SRA review of financial penalties for individuals and firms – Law Society response
The Solicitors Regulation Authority (SRA) is seeking views on proposals to change its approach to financial penalties.
The SRA has powers to impose financial penalties on regulated firms or individuals that do not meet professional standards.
The SRA says the proposals aim to:
- resolve cases more quickly
- reduce cost, delay and stress for all parties
- improve public protection and consistency
- provide a deterrent that would reduce future risk of repeated behaviour
The consultation explored five key issues:
- the principles that underpin its fining framework
- the types of misconduct which may not be suitable for a financial penalty
- which misconduct may be suitable for a fixed penalty and the potential benefits of introducing a fixed-penalty regime
- the appropriate level of fine to achieve a deterrent effect to maintain professional standards and how this may be calculated
- the threshold limit of fines the SRA should be allowed to impose internally before referral to the Solicitors Disciplinary Tribunal (SDT) – the SRA suggests that its internal fining limit should be increased from £2,000 to £25,000
All fines imposed by the SRA would be capable of being appealed to the Solicitors Disciplinary Tribunal (SDT) and that any fines levied would still be paid to HM Treasury.
From a principles’ perspective, we agree that any fining framework should be:
- a deterrent to firms or individuals from committing breaches under the SRA Codes of Conduct
However, we do not agree that the SRA’s sanctions guidance should be focused on different types of behaviours.
Nor do we agree that limits should be placed on the sanctions to be imposed in respect of certain types of misconduct, such as the availability or not of financial penalties.
It’s right that discrimination, sexual misconduct and non-sexual harassment within the profession should be treated with the utmost seriousness.
However, the rigid rules proposed in the consultation in relation to discrimination, harassment and sexual misconduct would fetter the sanctions available to a tribunal or court in such cases and could lead to inappropriate or unfair outcomes.
The behaviours covered under these broad and distinct categories can vary substantially and can arise in a wide range of circumstances.
It’s right that the individual circumstances of each case should be considered in making a decision about an appropriate penalty.
In our view, these types of behaviour and contexts demand that decision-makers should have the flexibility to look across the full range of possible penalties in deciding how to proceed, including imposing a financial penalty.
The regulator cannot restrict the powers of a tribunal or court.
The consultation suggests setting up a fixed penalty regime for lower-level breaches of the SRA rules or non-compliance with its more administrative requirements or failure to respond to requests.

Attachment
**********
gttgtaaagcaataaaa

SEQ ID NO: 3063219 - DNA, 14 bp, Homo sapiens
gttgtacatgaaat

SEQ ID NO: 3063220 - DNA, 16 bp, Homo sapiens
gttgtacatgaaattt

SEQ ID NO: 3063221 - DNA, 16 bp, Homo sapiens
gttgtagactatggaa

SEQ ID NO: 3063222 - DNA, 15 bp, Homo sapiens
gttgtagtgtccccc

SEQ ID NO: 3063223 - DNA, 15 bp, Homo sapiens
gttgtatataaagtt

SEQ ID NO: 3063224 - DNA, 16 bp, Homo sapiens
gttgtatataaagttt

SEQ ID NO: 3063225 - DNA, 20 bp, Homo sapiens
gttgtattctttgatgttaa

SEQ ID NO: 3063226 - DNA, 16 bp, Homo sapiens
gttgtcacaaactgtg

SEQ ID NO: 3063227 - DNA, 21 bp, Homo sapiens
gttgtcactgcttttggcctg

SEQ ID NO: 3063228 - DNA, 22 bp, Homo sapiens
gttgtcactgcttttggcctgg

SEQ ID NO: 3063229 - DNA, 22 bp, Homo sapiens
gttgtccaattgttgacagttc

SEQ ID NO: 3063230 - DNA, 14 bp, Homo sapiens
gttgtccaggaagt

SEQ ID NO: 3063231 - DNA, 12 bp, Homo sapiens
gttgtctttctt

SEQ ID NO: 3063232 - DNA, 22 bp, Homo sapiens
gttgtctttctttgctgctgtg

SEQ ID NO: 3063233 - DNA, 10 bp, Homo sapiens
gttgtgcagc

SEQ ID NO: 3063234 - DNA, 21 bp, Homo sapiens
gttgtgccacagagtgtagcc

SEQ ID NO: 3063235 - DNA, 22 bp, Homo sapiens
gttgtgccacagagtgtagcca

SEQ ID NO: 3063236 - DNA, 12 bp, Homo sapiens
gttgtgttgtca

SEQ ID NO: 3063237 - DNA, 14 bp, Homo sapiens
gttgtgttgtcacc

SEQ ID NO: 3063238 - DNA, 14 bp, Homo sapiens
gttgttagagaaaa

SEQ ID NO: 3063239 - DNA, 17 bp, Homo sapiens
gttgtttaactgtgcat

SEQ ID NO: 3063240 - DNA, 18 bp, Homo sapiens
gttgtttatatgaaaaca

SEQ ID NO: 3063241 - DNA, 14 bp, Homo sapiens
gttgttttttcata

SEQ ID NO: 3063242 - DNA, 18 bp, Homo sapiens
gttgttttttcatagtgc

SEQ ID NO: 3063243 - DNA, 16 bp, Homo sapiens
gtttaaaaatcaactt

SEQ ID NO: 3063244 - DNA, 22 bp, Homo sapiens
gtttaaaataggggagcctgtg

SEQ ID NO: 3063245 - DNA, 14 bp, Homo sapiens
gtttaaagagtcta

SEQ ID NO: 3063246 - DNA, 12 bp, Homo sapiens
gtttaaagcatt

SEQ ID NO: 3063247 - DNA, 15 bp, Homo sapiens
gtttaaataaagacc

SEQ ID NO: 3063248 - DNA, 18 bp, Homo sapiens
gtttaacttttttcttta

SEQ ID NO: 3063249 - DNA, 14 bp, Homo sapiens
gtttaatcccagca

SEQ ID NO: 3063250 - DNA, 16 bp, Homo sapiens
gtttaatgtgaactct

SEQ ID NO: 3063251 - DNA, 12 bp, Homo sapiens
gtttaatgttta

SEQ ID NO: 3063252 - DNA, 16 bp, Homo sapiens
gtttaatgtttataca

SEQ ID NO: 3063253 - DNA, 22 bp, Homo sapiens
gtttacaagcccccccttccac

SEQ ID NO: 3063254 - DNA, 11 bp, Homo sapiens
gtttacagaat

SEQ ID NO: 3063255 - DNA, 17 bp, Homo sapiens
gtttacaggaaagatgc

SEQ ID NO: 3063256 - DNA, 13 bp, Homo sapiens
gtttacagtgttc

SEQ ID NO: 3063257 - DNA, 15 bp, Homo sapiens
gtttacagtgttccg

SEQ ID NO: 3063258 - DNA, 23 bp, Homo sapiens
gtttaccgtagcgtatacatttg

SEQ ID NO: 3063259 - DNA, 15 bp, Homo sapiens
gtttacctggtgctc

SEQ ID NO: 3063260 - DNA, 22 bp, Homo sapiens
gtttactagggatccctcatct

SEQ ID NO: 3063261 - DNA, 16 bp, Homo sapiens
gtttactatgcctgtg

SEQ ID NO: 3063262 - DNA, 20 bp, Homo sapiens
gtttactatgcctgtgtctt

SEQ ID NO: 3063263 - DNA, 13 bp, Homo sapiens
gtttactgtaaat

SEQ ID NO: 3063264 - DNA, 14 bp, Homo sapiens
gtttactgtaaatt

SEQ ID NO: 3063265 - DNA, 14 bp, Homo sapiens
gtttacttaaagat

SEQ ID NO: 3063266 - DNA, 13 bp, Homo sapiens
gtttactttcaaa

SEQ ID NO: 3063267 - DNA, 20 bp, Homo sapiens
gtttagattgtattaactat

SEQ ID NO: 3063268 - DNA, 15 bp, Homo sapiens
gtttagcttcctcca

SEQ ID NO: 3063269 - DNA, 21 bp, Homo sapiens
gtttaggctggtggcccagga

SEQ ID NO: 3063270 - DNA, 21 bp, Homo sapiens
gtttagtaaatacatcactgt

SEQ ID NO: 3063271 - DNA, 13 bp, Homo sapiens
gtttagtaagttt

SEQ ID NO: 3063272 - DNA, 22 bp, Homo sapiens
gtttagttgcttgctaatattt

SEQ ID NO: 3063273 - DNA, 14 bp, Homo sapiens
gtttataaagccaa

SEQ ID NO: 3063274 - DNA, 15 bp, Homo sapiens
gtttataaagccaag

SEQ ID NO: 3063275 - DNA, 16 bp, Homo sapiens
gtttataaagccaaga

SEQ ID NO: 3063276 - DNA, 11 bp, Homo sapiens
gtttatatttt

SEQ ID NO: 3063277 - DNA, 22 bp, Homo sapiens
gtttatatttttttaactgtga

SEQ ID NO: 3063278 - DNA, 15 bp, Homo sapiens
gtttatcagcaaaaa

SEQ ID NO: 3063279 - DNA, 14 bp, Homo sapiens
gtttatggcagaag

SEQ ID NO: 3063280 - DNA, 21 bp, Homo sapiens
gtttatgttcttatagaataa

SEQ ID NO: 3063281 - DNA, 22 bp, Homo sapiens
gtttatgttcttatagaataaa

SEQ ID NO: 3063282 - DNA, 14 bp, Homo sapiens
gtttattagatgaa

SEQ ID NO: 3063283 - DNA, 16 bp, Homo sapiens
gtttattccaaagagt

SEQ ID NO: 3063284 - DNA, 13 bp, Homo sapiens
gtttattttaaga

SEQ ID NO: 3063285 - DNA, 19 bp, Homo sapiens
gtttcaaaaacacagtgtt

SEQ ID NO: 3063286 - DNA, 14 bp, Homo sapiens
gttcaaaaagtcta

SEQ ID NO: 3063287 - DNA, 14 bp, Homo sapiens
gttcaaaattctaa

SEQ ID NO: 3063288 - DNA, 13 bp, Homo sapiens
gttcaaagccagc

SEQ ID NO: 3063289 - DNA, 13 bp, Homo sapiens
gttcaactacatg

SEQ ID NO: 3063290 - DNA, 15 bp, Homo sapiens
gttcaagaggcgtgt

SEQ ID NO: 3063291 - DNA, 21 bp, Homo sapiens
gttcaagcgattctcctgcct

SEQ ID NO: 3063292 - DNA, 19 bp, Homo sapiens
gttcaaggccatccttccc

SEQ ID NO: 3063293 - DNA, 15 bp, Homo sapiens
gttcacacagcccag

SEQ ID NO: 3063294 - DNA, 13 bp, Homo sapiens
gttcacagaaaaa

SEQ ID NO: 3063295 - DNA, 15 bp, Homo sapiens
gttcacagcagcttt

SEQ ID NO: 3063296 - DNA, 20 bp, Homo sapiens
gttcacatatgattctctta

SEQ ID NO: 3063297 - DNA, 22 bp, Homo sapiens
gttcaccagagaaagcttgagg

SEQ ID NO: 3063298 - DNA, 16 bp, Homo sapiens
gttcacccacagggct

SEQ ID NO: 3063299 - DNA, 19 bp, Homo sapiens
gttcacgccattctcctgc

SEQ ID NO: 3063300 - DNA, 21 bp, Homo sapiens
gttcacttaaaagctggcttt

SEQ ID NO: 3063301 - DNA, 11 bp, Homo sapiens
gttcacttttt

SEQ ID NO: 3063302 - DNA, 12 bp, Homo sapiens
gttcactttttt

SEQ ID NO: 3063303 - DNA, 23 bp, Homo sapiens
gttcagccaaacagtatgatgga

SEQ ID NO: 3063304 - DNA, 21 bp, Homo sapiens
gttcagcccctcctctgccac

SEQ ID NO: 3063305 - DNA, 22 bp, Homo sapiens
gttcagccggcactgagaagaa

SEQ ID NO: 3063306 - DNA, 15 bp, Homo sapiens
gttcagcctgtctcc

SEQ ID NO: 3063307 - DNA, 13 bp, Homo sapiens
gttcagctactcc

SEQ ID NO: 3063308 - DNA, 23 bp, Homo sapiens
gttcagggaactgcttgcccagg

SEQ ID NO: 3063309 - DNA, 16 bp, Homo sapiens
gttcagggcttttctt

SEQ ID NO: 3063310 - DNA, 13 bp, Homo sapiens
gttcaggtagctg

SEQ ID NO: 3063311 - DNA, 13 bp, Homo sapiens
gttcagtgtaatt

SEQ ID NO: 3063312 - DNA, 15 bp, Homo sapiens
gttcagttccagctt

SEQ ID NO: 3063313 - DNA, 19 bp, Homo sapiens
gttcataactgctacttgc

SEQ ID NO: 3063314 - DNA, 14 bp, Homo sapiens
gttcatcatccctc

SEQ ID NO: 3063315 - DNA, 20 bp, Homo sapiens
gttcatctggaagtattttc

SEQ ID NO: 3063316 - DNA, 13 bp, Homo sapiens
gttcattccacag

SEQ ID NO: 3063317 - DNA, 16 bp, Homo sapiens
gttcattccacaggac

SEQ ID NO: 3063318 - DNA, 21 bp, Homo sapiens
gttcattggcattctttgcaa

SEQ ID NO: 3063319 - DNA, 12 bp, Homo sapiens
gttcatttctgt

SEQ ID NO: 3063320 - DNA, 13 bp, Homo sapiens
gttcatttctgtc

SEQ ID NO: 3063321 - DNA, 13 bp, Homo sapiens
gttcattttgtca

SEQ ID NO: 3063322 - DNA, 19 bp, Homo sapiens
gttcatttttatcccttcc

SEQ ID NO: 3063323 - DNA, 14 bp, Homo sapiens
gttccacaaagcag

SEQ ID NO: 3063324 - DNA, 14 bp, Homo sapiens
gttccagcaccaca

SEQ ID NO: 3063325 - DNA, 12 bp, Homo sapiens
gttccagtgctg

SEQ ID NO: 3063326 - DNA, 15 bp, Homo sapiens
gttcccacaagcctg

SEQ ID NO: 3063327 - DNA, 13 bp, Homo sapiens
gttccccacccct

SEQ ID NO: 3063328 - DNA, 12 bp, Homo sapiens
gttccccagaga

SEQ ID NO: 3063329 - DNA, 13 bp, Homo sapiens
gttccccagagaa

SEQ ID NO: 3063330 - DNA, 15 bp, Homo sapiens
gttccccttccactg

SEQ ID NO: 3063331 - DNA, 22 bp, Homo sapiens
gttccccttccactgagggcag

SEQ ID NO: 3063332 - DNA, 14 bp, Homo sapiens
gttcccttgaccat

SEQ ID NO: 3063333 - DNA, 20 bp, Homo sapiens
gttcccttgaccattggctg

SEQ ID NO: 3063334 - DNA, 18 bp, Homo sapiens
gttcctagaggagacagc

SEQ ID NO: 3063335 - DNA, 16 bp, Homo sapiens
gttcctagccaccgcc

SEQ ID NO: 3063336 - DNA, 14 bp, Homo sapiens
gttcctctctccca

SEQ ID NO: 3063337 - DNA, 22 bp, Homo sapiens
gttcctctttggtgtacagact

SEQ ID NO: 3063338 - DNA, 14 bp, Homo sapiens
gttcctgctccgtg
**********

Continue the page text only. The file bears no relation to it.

There is insufficient data for us to fully comment on this proposal and we have concerns about the administration and costs of introducing such a regime.
We do not consider there is a sufficient evidential basis to justify the need for a new fixed-penalty regime to be introduced.
We do not support the introduction of a turnover-based assessment for firms, as turnover is not necessarily a reliable indicator of profitability.
Furthermore, we are not persuaded that the imposing large turnover-based fines would act as a deterrent as most solicitors’ endeavour to operate and conduct themselves to the high professional standards set by the SRA.
In our view, a model based exclusively on turnover will not necessarily incentivise better compliance. Instead, we believe that concern for reputation is the prime motivator of good behaviour, and that this will operate regardless of the level of any potential fine.
We do not support an increase in the SRA’s internal fining powers to £25,000. This would represent a 12-fold increase on its current maximum limit of £2,000.
We accept that an appropriate increase to the threshold is reasonable and would assist the regulator in making decisions in a greater number of straightforward cases, which is likely to speed up the process, save costs as well as reduce the stress on all parties.
However, the substantial increase proposed to the threshold would potentially include many more serious or significant cases that currently go before the SDT and where full reasons for its decisions are transparently set out in written judgments and published on the SDT website.
Our members have concerns about the SRA acting as investigator, prosecutor and judge without independent scrutiny.
The consultation closed on 11 February 2022.
The SRA will consider responses from all stakeholders before deciding on how to proceed.